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Weakling 04-14-09 04:49 AM

DreamSlider by J-M Gobillard says stand up for your folder!
DreamSlider from Jean-Marc Gobillard , he says stand up for your folder!

He even search for a patent for the method of doing it. Standing up pedaling.
Read here:


A pedaling method and device for a user in standing position. The device includes a drive shaft whereof the rotation about its axis is coupled with the rotation of two right and left pedals.

The vertical oscillation of the center of gravity of a user in standing position is reduced compared to a conventional pedal assembly.
He even made a MicroSlider in case you find 12" wheels to be too big?

If you speak French then read here too

5 Videos at his youtube page.

I have not found any good stills on it though. you maybe can see how small it is here but the videos and pdf shows it swishing by. Why doesn't he set up a free blog or something with pictures and specifications? ok it is a prototype still.
Here is picture of Dream Slider

and MicroSlider

Weakling 04-14-09 05:00 AM

The PDF file shows how the pedals are easier to stand on than on a regular bike. Less tiring hopefully.

I am not a Viking so as a Weakling I prefer to sit and pedal but he seems to love the sliding part???

Does that feel cool? He promise us "a real sliding sensations". :D

Ever since the modern bicycle was invented over 120 years ago, no-one has come up with another human-propelled vehicle with comparable efficiency and such a wide range of applications yet with a radically different ergonomic design, natural compactness, far greater reliability, and real sliding sensations.

This is the winning formula put forward by DREAMSLIDE.

jur 04-14-09 08:25 AM

I wonder what problem this invention is supposed to solve? Or, what aspect of cycling is this invention supposed to improve upon?

itsajustme 04-14-09 09:10 AM

I suppose tossing the seat and post is theoretically lighter and smaller (though this is perhaps the least problematic design element of any folding bike). So I guess the "stairmaster" pedals are an ergonomic complement to that.

However, I'm skeptical that seatless riding offers enough control for safe riding. Balancing on two wheels is precarious enough as is that you don't want to be worrying about falling off while leaning.

Plus standing is more tiring than sitting.

Weakling 04-14-09 10:36 AM

Yes it is tiring to stand all the time. Ok it is lighter but not so much. Would be less bulky folded most likely due to no need for the seat and its stem but the sliding he gave us is possible on every short wheel based bike like Handybike or similar?

I guess he made one for to feel proud that he was the first one to build it? :D

The DreamSlider in the PDF description on how the double crank? revolve would make the foot go more easy a bit like a Cross Trainer motion? Not sure. But would still be tiring. I tested today to stand and pedal on an ordinary bike and I didn't like it.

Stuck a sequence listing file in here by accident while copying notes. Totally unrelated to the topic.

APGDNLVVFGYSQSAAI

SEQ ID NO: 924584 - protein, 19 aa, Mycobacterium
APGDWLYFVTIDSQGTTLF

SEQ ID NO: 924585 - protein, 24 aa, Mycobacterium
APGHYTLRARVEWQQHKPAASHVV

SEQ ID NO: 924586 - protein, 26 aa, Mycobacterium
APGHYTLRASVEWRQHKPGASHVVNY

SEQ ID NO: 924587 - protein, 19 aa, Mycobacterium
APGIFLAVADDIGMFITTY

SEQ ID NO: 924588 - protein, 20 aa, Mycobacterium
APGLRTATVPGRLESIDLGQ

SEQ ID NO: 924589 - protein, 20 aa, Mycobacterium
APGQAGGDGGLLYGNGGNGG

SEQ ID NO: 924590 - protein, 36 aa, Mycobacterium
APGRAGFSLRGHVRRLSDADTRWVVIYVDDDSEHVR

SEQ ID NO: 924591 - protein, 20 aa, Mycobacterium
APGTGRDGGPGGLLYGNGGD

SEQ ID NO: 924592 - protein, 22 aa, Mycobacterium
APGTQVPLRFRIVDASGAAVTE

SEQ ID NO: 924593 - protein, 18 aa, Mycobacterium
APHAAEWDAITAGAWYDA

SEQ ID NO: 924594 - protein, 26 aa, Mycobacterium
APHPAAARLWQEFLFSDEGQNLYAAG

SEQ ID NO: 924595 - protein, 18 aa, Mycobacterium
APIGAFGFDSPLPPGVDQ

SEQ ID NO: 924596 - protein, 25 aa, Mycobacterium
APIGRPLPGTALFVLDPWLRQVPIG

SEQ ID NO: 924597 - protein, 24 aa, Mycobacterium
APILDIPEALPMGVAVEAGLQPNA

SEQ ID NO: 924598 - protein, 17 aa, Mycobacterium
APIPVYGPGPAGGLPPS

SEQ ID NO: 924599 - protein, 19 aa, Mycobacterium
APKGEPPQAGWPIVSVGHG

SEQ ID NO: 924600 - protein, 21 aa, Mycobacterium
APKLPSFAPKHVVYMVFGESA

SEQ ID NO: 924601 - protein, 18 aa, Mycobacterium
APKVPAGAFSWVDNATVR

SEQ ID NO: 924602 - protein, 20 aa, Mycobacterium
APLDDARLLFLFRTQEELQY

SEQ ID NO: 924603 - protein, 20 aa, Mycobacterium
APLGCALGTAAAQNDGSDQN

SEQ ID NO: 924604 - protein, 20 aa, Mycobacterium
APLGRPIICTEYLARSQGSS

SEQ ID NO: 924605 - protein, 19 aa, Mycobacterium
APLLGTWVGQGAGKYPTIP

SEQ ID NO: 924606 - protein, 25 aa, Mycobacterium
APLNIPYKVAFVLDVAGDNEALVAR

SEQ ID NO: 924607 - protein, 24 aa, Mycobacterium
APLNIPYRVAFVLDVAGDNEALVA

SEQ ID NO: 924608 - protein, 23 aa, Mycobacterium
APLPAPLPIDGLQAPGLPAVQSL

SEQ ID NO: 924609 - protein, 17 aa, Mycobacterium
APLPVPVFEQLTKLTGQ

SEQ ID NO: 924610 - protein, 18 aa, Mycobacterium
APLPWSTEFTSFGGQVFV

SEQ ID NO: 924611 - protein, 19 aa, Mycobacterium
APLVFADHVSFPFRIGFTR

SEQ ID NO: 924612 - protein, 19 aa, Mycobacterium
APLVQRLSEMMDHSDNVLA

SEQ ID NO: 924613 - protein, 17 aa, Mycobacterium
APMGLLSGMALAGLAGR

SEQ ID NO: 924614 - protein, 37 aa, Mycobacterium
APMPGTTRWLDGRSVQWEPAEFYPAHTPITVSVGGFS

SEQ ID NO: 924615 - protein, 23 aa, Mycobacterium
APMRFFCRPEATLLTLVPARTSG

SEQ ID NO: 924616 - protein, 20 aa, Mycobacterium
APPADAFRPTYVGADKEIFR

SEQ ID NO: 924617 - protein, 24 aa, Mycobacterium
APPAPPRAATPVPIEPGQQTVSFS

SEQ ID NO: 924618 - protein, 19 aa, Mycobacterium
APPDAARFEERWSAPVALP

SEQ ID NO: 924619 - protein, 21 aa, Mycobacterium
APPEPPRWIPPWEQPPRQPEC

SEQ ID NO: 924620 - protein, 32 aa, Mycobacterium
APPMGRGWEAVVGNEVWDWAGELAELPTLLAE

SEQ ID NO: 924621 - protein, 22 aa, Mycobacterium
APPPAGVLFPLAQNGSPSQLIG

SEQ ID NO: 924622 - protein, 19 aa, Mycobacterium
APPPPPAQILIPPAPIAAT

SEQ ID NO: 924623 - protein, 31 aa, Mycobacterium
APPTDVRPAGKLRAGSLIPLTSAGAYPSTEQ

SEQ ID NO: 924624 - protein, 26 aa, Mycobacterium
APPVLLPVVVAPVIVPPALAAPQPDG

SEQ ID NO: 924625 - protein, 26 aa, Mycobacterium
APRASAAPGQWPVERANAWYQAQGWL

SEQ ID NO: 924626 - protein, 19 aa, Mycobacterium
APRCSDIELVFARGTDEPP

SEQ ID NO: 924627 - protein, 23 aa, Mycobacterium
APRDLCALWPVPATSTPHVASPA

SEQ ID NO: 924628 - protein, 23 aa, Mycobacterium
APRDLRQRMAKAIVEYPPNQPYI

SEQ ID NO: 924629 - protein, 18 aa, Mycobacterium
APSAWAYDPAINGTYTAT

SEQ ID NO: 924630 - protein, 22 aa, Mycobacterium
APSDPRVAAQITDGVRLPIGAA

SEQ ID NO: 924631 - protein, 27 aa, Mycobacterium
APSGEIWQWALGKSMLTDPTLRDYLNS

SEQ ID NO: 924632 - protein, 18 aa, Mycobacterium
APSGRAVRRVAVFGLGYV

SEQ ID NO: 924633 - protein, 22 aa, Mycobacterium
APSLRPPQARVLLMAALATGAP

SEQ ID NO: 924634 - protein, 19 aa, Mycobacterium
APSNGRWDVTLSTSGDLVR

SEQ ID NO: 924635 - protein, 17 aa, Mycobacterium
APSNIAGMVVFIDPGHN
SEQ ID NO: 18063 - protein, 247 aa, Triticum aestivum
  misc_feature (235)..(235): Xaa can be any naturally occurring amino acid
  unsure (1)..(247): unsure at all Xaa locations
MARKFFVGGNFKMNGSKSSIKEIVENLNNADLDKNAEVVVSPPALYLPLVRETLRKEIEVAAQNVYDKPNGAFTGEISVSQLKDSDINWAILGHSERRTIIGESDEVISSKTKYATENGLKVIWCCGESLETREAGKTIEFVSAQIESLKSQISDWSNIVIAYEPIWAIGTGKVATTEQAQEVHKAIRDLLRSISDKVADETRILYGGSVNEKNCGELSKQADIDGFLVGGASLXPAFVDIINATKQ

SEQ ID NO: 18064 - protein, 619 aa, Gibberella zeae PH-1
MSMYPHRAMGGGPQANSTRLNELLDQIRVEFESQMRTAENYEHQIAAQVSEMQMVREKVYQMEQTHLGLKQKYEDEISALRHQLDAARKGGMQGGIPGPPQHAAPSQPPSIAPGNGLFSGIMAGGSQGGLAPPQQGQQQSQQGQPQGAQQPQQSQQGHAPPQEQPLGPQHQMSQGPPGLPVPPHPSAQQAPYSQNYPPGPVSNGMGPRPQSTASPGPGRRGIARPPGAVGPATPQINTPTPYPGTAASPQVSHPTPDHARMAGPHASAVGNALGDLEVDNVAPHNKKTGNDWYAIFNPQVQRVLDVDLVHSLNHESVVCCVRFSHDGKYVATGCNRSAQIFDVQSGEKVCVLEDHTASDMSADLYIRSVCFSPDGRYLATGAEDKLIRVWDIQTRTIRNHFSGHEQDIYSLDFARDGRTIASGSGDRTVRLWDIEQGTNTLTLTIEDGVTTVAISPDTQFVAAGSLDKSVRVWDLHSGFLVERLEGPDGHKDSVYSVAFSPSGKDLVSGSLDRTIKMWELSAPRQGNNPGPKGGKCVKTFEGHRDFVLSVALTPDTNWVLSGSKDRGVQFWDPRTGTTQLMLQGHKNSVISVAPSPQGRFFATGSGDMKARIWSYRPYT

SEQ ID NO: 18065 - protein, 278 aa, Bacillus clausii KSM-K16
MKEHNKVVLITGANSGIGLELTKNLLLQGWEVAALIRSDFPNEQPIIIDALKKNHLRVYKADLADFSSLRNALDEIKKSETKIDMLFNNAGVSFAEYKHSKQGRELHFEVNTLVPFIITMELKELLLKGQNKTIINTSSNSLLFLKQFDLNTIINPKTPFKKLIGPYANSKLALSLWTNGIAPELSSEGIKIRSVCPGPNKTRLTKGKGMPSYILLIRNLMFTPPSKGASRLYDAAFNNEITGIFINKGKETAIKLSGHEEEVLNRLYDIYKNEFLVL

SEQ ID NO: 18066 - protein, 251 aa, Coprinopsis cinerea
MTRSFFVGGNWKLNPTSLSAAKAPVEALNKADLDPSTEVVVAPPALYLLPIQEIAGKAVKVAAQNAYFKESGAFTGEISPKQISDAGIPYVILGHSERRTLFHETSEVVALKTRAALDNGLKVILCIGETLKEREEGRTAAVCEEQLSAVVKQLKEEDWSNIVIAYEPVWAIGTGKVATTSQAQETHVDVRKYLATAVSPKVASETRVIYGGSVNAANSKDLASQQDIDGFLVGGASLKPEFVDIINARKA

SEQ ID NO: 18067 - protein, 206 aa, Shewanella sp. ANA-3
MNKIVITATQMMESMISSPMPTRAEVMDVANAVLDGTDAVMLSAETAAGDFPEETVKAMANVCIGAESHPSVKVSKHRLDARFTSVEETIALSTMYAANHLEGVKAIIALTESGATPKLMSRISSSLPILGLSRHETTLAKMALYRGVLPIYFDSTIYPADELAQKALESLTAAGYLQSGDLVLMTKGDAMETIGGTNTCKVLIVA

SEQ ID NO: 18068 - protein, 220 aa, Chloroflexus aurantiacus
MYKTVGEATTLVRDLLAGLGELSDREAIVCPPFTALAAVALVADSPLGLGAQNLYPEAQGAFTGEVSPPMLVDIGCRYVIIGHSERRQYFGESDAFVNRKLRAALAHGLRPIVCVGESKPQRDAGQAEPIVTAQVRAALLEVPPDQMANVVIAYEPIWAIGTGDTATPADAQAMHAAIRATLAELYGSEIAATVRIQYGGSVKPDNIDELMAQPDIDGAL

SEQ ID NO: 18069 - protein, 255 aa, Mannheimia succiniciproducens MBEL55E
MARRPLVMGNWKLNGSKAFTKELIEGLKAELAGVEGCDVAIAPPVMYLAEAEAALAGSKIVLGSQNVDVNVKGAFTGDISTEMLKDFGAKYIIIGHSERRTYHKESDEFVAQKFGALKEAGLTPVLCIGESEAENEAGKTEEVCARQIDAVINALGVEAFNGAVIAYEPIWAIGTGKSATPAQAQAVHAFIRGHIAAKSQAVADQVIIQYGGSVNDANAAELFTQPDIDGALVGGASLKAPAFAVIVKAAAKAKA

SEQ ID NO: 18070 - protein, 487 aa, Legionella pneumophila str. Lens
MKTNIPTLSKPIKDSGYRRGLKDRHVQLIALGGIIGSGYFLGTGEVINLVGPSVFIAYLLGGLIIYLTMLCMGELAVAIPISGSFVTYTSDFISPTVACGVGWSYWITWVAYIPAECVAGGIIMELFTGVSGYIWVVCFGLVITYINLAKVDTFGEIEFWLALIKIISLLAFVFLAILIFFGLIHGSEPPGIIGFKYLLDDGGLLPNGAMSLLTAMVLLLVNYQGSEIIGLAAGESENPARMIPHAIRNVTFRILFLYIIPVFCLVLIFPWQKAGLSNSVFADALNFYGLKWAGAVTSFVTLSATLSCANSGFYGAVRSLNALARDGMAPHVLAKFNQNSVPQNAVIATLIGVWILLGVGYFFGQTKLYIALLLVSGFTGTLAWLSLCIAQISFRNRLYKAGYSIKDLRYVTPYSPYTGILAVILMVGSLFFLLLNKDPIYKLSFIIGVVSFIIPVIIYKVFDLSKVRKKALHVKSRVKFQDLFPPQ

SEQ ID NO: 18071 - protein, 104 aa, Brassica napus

His MicroSlider is potentially lighter and smaller folded than most bikes? Would it not be possible to make one weighting under 8 kg like that?

CarryMe is about 8 to 9 kg? So without the seat and stem say 7 kg or so?

Heheheh I want a bike that weight something like 3kg, that is managable to me.

bhkyte 04-14-09 11:04 AM

It could be good for shot distances or just for fun!
It looks alot like a dawooe shuttle micro bike to me. You could buy one of these and remove the seatpost for under 50 on ebay. Not convinced about the ground clearence of the stair master type pedals.

however, I do think it is a potential interesting idea towards making a better micro folding bike with 14" wheels approx that can potentially fold as small as an A bike or carryme.

Urbanis 04-24-09 06:33 AM

I am always delighted to see innovation and fresh thinking in the realm of human-powered mobility devices, because they are good for us and good for the planet.

I see a lot of potential for this mini-bike:

1. A more compact fold, like a scooter or Trikke (so highly useful for multi-modal commuting; storage; ability to take *everywhere*, including tightly crowded spaces where even a 16" folder could be an issue)

2. A lighter bike (and who doesn't like that?)

3. A quicker, less complicated fold

4. A new and fun way to interact with (ride) a bike. I like the fact that the posture and motions required more resemble walking.

5. I'm not an anatomy and physiology expert, but it seems like this bike could provide via the balancing and oscillating an upper-body workout or toning (which is *not* something you get from riding a conventional bike). Along the same lines, it might be fun to explore a version with a standing board and hand pedals.

6. A break from having your butt glued to a seat (which also gets tiring, and, as we know, can result in numbness and other deleterious effects in a man's sensitive parts)

I don't see this device as being suitable for long-distance riding, but for commutes where one might use a kick scooter or CarryMe, it could be perfect, and a fun way to switch up one's bike riding routine. I would be very excited to see this device refined and come to market.

havm66z 04-24-09 07:47 AM

That gives me a good idea of how to respond to people who have buttpain from cycling:

A: “Take the saddle off!”
B: “Ouch.”
A: “Oh, take the seatpost off as well”

bhkyte 04-24-09 11:40 AM

Actually ,The stairmaster type pedals may be a good idea for disabled cycling.As it would allow the foot to stay on the pedals better without them being straped in.Not on this sytle of bike with the standing postion though.

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